Wrongful Termination

Wrongful Termination at Work: How it Occurs and What to Do About It

If you were recently fired from your job, you may be wondering whether or not you can file a wrongful termination or wrongful discharge lawsuit. The short answer is, unfortunately, no. If you were fired, you generally cannot file a claim for wrongful termination. One of the most prevalent misconceptions surrounding wrongful termination is that when an employee quits, that they cannot later bring a claim against their former employer. But in some cases, the working environment develops to such an extreme point that it becomes intolerable for an employee to work there, and thus, they have no other choice but to quit. However, it must be kept in mind that even if the situation develops to the point that an employee must be terminated, it is still within the rights of an employee to file a claim for wrongful termination.

 

Another common myth

surrounding wrongful termination claims are that they only apply if you were illegally fired due to age discrimination. In many cases, age discrimination does not even apply to many cases where an employee has been unfairly dismissed. Legal age discrimination typically only applies in situations where an employer has crossed the line in some way, such as requiring black or Hispanic employees to work over whites or requiring women employees to work behind men. In these cases, the employer has acted in bad faith, so if you are being fired for reasons that do not even apply to your specific situation, it is still possible to bring a case.

 

One misconception that many people

have is that they must prove actual damages to secure a lawsuit. The truth is, that it is almost impossible to prove actual damages in a case of wrongful termination. Most employees are not directly exposed to daily abuse, and few employees will have enough experience to incur the kind of monetary losses that are often seen in personal injury lawsuits. Simply put, to succeed with a lawsuit over wrongful termination, you must show that your treatment in the workplace was unfair and was made worse because of your gender, race, age, sexual orientation, or some other category.

 

Another common myth

surrounding at-will employment is that it protects you from being involuntarily discharged from your job for any reason at all. The truth is, employers are prohibited by federal and state law from firing an employee for filing a complaint of discrimination. While some states allow at-will employment to exist, most states severely limit its definition, which means that an employer can legally fire someone for any reason at all, even if they believe that the act was unlawful. This can be a very confusing area of employment law for employers, so you should consult with an experienced attorney who works on at-will employment issues whenever possible.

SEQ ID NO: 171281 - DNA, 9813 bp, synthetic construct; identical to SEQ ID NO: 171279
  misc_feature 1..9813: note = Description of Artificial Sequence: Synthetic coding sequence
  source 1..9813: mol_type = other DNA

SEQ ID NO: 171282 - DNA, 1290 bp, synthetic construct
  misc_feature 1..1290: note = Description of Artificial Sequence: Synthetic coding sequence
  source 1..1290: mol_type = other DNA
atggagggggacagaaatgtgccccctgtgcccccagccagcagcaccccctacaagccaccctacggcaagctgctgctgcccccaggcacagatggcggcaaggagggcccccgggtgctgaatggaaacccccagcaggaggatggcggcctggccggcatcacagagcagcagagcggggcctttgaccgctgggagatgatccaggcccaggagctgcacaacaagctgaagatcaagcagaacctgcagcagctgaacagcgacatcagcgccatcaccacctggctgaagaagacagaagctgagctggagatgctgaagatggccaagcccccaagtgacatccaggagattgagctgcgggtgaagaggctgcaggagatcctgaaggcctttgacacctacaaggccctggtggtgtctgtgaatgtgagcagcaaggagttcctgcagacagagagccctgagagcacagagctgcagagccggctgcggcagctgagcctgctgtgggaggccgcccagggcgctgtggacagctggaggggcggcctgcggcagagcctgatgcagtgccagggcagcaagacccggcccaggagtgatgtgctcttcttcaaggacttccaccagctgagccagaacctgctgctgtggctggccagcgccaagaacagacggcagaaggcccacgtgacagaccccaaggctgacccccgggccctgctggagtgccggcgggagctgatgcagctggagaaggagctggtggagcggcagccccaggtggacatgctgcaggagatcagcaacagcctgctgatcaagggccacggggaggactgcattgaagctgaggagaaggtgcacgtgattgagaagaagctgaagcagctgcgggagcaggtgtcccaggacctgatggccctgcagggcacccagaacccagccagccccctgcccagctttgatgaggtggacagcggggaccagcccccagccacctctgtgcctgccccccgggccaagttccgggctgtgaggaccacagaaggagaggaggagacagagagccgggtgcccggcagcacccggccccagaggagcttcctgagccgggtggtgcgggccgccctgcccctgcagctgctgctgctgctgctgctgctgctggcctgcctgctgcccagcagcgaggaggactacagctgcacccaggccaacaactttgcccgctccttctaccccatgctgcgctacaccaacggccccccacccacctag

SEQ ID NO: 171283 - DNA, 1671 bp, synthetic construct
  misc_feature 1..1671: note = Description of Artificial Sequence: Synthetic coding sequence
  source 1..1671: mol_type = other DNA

Perhaps the biggest mistake

that employees make when they get fired is thinking that the problem will simply go away if they simply try to keep their job. The fact is, many times employers will not attempt to simply get rid of people once they have been accused of discrimination. After all, keeping a job is a form of investment for most employers, so if you are terminated, they will certainly not want to lose you; and so they will do everything they can within reason to keep you! As a result, many people find themselves having to file lawsuits to get back the money that they have lost during wrongful termination.

 

While it is true that the majority of cases

filed on these types of grounds don’t get resolved in court, it’s not rare for a case to make it to trial. If you feel that you have been wrongfully terminated from your job, it’s strongly recommended that you hire a qualified employment attorney as soon as possible. An attorney who specializes in this type of case has studied every angle of the lawsuit process and knows exactly what needs to be done to win the case in your favor. By doing so, you may be able to get the monetary compensation that you deserve.

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